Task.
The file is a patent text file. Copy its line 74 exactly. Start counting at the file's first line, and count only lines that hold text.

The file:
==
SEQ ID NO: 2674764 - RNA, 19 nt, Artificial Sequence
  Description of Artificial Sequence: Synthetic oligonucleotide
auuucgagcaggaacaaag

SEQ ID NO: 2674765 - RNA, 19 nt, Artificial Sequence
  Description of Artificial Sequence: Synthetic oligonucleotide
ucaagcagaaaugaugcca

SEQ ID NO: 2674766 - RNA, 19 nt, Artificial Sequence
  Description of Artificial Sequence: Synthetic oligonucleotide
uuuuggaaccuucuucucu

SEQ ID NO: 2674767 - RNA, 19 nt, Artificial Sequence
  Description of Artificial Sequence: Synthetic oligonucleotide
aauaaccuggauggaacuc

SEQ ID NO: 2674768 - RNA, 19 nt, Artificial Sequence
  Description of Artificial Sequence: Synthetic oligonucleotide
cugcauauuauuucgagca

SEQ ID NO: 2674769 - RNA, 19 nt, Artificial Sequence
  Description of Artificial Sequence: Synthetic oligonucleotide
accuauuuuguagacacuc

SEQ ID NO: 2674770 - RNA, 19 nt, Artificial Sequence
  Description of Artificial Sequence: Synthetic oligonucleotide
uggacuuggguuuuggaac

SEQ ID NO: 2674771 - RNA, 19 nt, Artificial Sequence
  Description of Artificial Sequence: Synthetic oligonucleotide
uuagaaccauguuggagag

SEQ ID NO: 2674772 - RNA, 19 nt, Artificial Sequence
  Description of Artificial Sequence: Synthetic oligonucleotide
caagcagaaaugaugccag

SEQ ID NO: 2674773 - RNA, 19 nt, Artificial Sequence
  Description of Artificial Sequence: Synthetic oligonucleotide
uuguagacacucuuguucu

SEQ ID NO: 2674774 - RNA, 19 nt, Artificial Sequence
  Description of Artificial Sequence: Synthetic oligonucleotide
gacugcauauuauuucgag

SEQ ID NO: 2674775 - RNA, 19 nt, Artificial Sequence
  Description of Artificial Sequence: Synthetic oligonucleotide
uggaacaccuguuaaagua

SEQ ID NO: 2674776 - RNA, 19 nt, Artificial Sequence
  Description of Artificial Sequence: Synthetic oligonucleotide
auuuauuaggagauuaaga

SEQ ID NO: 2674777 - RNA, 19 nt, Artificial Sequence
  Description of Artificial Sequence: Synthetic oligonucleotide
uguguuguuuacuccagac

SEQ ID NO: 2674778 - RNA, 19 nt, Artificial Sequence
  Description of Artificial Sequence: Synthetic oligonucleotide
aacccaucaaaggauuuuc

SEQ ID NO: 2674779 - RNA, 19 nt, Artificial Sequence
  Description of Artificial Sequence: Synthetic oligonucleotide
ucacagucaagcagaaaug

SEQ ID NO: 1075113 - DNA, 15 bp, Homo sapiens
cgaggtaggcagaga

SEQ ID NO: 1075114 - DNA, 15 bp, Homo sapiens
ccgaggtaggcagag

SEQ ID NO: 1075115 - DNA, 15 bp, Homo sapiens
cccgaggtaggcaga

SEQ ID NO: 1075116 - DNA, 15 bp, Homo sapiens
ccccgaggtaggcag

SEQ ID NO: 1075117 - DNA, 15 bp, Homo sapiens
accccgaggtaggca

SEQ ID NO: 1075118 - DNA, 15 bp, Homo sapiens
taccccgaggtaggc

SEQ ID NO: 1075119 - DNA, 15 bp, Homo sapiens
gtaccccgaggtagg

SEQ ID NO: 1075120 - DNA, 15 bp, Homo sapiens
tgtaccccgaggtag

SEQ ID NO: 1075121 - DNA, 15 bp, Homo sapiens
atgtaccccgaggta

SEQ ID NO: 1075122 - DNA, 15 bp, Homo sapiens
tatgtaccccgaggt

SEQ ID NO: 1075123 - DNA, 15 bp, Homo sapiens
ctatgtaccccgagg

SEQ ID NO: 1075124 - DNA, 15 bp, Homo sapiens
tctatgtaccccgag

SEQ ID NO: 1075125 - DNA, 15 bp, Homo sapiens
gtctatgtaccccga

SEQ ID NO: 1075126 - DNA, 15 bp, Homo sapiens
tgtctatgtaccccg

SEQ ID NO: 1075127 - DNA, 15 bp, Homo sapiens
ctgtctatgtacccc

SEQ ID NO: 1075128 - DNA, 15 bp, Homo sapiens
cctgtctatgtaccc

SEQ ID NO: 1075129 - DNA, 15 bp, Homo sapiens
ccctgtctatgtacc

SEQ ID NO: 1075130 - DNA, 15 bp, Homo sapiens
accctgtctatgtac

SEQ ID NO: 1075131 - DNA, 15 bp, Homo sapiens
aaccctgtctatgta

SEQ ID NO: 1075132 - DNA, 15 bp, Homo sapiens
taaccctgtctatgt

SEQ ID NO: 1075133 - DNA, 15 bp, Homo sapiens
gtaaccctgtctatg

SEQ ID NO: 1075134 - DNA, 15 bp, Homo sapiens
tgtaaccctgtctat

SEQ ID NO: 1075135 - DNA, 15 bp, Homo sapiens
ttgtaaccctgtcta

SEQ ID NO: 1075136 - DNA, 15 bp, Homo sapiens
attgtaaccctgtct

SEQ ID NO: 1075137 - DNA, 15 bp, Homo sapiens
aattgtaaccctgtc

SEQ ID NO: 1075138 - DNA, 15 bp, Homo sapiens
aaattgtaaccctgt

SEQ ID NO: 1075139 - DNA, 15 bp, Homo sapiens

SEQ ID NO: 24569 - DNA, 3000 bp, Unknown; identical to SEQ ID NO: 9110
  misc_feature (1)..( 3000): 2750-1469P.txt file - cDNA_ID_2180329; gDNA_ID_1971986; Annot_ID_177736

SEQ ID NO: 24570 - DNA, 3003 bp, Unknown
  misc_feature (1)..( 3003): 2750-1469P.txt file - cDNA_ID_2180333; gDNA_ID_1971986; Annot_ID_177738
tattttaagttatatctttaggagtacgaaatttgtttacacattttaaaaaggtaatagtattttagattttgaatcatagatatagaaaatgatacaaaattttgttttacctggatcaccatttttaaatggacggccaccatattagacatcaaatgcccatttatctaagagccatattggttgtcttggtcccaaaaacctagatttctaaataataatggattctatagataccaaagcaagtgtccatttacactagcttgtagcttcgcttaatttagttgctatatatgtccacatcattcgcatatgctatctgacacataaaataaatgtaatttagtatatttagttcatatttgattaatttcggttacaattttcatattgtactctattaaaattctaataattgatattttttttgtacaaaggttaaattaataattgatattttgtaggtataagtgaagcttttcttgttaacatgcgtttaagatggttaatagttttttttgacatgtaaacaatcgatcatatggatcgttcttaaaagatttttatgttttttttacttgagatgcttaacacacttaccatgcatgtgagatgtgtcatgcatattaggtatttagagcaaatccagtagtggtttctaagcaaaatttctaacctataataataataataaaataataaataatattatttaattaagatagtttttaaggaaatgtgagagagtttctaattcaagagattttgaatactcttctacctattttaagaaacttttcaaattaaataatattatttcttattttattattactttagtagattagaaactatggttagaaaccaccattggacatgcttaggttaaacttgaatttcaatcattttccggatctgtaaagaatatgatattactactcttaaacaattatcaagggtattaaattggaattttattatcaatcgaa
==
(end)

gtctatgtaccccga